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How ISRO tamed 'naughty boy' GSLV-D5

January 05, 2014 20:39 IST

How ISRO tamed 'naughty boy' GSLV-D5

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India on Sunday successfully launched its heavy-duty rocket with indigenous cryogenic engine that placed a communication satellite into the orbit, with Indian Space Research Organisation scientists finally taming the 'naughty boy' GSLV and propelling the country into an elite club of countries.

The mission, which cost around Rs 360 crore, is a major milestone for the ISRO after "toiling" for 20 years and ended the jinx plaguing the GSLV programme which suffered twin back-to-back failures in 2010 while its launch in August last year was aborted at the last minute.

"This is another major achievement for the GSLV programme and I would say this is an important day for science and technology, for space technology in the country (as) 20 years of efforts in realising the cryogenic engine and stage has now fructified," a visibly relieved ISRO chief K Radhakrishnan said.

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Image: India's Geosynchronous Satellite Launch Vehicle blasts off from the Satish Dhawan space centre at Sriharikota
Photographs: ISRO's Facebook page

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How ISRO tamed 'naughty boy' GSLV-D5

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In a textbook launch, the 49.13-metre tall GSLV D5 rocket with an indigenous cryogenic engine and stage blasted off at 4.18 PM from Satish Dhawan Space Centre and injected the 1,982-kg GSAT-14 communication satellite into the intended orbit after 17.13 minutes flight.

With this launch, India became the sixth space agency in the world after the United States, Russia, Japan, China and France to have joined the indigenous cryogenic regime. The technology will help to launch heavy satellites into geostationary orbit.

Congratulating the scientists, Prime Minister Manmohan Singh said the launch marked "another important step that the country has taken in the area of science and technology".

Radhakrishnan said ISRO's "toiling of 20 years, excruciating efforts of last three and half years" after its first test flight of the cryogenic engine and all the efforts by Team ISRO in the last few years in understanding Geosynchronous Satellite Launch Vehicle and making it a liable vehicle showed the scientists' maturity.

He said his scientists had put their heart and soul to ensure this proud moment and that "we feel we have repaid all our debt to our country."

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Image: A contrail is seen as India's Geosynchronous Satellite Launch Vehicle blasts off carrying a 1,980 kg GSAT-14 communication satellite from the Satish Dhawan space centre at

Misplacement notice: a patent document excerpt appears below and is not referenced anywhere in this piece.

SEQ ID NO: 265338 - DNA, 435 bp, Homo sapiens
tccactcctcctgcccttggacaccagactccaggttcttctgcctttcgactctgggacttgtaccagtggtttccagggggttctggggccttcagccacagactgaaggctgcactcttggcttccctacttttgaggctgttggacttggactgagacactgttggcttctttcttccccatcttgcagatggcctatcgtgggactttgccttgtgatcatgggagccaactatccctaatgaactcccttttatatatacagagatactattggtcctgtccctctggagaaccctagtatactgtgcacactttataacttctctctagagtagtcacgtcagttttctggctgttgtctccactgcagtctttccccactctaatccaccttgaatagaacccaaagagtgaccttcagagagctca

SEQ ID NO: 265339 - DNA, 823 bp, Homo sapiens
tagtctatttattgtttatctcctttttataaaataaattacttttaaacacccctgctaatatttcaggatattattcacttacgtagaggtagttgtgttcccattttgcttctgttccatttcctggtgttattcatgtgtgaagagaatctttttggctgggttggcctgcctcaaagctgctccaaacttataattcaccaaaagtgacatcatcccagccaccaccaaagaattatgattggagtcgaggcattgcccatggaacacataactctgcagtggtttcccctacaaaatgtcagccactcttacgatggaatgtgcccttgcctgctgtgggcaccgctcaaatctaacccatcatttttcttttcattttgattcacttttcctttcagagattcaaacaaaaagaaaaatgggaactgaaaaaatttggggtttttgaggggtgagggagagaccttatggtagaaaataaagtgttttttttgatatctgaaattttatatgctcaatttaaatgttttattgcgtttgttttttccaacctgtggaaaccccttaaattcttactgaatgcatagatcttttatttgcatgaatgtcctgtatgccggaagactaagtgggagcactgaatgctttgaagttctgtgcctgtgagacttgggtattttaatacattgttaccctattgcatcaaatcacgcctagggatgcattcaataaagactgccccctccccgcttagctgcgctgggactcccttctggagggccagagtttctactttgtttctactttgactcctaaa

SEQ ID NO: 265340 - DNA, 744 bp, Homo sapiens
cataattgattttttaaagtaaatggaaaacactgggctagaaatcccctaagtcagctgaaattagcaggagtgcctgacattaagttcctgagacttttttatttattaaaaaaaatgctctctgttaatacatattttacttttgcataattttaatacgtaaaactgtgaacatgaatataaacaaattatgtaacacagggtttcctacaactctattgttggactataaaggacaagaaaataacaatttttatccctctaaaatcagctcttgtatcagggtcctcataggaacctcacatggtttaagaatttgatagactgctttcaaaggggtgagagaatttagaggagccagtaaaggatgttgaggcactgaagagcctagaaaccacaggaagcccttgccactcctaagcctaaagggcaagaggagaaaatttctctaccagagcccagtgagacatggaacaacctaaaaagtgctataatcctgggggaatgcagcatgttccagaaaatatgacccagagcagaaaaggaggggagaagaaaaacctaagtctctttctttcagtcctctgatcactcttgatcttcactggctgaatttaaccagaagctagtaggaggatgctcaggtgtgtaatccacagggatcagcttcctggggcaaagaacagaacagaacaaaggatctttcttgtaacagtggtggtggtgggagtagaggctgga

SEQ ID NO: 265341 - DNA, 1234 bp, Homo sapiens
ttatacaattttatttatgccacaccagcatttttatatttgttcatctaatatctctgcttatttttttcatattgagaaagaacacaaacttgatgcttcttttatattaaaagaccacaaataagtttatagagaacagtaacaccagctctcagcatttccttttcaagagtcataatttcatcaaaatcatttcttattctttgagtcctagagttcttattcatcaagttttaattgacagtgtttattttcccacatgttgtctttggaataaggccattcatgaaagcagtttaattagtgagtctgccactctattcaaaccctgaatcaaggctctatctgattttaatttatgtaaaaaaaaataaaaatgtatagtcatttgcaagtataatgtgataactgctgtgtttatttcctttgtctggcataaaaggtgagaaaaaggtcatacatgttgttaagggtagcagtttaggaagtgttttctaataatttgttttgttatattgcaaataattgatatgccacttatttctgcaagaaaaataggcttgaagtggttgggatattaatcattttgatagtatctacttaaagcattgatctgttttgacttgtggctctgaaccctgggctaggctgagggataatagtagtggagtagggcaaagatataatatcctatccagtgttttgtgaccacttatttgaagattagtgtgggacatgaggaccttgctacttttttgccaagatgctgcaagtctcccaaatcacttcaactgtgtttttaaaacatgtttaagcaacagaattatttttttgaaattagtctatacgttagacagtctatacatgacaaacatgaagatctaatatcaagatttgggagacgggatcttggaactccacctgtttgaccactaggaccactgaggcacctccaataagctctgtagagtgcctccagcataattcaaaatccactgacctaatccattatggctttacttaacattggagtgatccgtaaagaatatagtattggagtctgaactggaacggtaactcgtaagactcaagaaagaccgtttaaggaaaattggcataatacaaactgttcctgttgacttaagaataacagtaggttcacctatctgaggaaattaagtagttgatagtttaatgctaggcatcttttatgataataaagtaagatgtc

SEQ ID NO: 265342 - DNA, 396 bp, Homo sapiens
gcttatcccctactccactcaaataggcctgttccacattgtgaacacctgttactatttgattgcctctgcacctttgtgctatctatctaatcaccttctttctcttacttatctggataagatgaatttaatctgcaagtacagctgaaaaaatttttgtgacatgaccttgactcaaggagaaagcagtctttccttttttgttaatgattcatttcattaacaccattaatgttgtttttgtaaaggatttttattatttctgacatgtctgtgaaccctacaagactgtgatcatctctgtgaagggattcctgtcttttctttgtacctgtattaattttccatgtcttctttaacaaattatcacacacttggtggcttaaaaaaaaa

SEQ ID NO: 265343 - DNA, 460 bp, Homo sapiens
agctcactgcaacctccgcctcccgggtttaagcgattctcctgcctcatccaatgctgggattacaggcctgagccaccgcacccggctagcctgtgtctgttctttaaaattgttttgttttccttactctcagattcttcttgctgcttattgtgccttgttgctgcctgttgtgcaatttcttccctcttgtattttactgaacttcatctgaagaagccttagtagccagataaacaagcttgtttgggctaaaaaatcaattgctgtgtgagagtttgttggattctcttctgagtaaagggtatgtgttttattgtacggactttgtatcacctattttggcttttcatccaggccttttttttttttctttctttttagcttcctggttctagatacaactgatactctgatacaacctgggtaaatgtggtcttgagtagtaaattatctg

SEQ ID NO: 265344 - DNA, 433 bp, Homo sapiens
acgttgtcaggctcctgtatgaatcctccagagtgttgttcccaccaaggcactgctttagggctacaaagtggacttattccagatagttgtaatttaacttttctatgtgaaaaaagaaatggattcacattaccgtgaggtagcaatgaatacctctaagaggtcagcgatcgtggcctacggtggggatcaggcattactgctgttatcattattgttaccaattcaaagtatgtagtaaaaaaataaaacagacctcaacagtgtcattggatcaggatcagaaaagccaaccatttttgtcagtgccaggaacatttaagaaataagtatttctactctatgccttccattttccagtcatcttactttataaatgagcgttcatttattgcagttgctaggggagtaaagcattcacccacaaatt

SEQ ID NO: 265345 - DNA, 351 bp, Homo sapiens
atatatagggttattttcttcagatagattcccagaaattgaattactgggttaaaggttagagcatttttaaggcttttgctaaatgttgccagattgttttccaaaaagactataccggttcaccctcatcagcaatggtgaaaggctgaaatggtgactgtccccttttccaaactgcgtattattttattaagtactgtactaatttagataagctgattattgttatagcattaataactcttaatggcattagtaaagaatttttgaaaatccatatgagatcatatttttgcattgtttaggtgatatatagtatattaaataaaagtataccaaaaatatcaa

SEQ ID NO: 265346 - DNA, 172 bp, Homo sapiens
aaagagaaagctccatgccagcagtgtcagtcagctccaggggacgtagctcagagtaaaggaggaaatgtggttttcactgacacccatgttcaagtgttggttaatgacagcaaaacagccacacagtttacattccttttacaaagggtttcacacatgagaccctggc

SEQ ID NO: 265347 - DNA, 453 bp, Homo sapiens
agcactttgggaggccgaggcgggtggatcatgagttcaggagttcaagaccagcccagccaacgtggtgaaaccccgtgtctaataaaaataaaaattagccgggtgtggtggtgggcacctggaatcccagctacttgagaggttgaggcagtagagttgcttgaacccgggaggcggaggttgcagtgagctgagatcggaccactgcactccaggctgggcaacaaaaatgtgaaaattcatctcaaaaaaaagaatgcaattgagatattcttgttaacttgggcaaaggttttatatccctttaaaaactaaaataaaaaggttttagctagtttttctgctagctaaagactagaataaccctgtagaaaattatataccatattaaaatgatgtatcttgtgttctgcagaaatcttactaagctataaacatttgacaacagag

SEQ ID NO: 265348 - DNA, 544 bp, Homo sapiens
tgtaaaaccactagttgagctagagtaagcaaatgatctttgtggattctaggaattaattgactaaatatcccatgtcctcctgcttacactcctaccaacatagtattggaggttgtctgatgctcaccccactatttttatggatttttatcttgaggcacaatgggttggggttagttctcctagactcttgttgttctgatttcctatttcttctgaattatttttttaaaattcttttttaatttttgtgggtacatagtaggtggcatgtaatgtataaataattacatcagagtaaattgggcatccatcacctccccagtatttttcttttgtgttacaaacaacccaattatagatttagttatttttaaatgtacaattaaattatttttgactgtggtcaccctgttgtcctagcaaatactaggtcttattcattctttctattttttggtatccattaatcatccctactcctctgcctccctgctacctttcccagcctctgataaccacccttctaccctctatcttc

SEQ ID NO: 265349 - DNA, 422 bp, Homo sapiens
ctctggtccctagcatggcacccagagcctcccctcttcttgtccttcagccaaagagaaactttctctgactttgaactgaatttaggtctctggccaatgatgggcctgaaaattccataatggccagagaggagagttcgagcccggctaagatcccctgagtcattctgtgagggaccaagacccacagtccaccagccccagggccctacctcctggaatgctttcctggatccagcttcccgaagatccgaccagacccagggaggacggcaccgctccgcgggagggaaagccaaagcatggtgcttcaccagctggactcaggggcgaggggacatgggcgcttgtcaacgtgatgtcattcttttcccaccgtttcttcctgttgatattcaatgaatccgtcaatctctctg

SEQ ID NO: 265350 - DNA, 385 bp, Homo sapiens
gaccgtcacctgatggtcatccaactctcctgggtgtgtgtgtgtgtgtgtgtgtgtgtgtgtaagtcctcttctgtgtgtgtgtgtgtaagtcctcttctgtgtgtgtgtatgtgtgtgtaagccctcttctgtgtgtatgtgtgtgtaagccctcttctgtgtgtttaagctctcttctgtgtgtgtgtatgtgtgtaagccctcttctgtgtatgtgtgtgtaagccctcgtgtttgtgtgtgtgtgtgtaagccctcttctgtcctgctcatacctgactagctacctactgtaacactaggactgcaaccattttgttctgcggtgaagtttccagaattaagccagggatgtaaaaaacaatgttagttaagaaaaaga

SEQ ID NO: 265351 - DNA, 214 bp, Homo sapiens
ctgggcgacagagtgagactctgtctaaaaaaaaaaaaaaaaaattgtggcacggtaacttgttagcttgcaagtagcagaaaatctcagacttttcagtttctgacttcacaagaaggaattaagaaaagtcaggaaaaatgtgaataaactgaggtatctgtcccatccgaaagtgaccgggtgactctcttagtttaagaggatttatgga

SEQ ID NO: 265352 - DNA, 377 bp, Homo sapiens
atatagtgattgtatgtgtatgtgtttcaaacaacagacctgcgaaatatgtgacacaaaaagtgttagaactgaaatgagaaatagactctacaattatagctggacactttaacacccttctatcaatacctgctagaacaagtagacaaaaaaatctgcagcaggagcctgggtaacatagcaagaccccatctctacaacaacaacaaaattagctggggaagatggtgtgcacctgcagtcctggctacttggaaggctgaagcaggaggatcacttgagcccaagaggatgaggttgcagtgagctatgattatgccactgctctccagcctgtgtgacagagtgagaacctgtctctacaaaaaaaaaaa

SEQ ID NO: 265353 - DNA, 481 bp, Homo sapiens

Photographs: Babu/Reuters

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How ISRO tamed 'naughty boy' GSLV-D5

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The GSLV D5's scheduled launch on August 19 last year was called off in the eleventh hour after a fuel leak, following which ISRO moved the vehicle back to the VehicleAssemblyBuilding and rectified the defect.

The events prompted one of the senior scientists, Shivan, to quip that the "naughty boy GSLV" had matured into an "obedient one".

GSAT-14 is India's 23rd geostationary communication satellite, as four of GSAT-14’s predecessors were launched by GSLV during 2001, 2003, 2004 and 2007 respectively.

GSAT-14 would join the group of India's nine operational geostationary satellites. The primary objective of this mission is to augment the in-orbit capacity of extended C and Ku-band transponders and provide a platform for new experiments.

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Image: A contrail is seen as India's GSLV-D5 blasts off from the Satish Dhawan space centre at Sriharikota
Photographs: Babu/Reuters

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How ISRO tamed 'naughty boy' GSLV-D5

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The GSAT-14 will be positioned at 74 degree East longitude and co-located with INSAT-3C, INSAT-4CR and KALPANA-1 satellites.

The 12 communication transponders onboard GSAT-14 will further augment the capacity in the INSAT/GSAT system. ISRO's Cryogenic Upper Stage Project was aimed at replacing the stage procured from Russia and used in GSLV flights, according to ISRO.

ISRO officials had been extremely vigilant in tightening loose ends this time around to avoid an unsuccessful attempt.

Design modifications were implemented wherever required in the launch vehicle along with thorough ground testing and improvements.

The modifications included redesigning of Lower Shroud, which protects the cryogenic engine during atmospheric flight of GSLV-D5 and redesigning of the wire tunnel of the cryo stage to withstand larger forces in flight.

The national space agency also performed two 'Acceptance Tests for flight unit of Fuel Booster Turbo Pump, High altitude tests to confirm the ignition sequence in flight under vacuum, to validate design improvements and Cryogenic Main Engine (200 sec) and Steering Engine (100 sec) acceptance tests at Main Engine Test and High Altitude Test.


Image: A contrail is seen as India's GSLV-D5 blasts off from the Satish Dhawan space centre at Sriharikota
Photographs: Babu/Reuters

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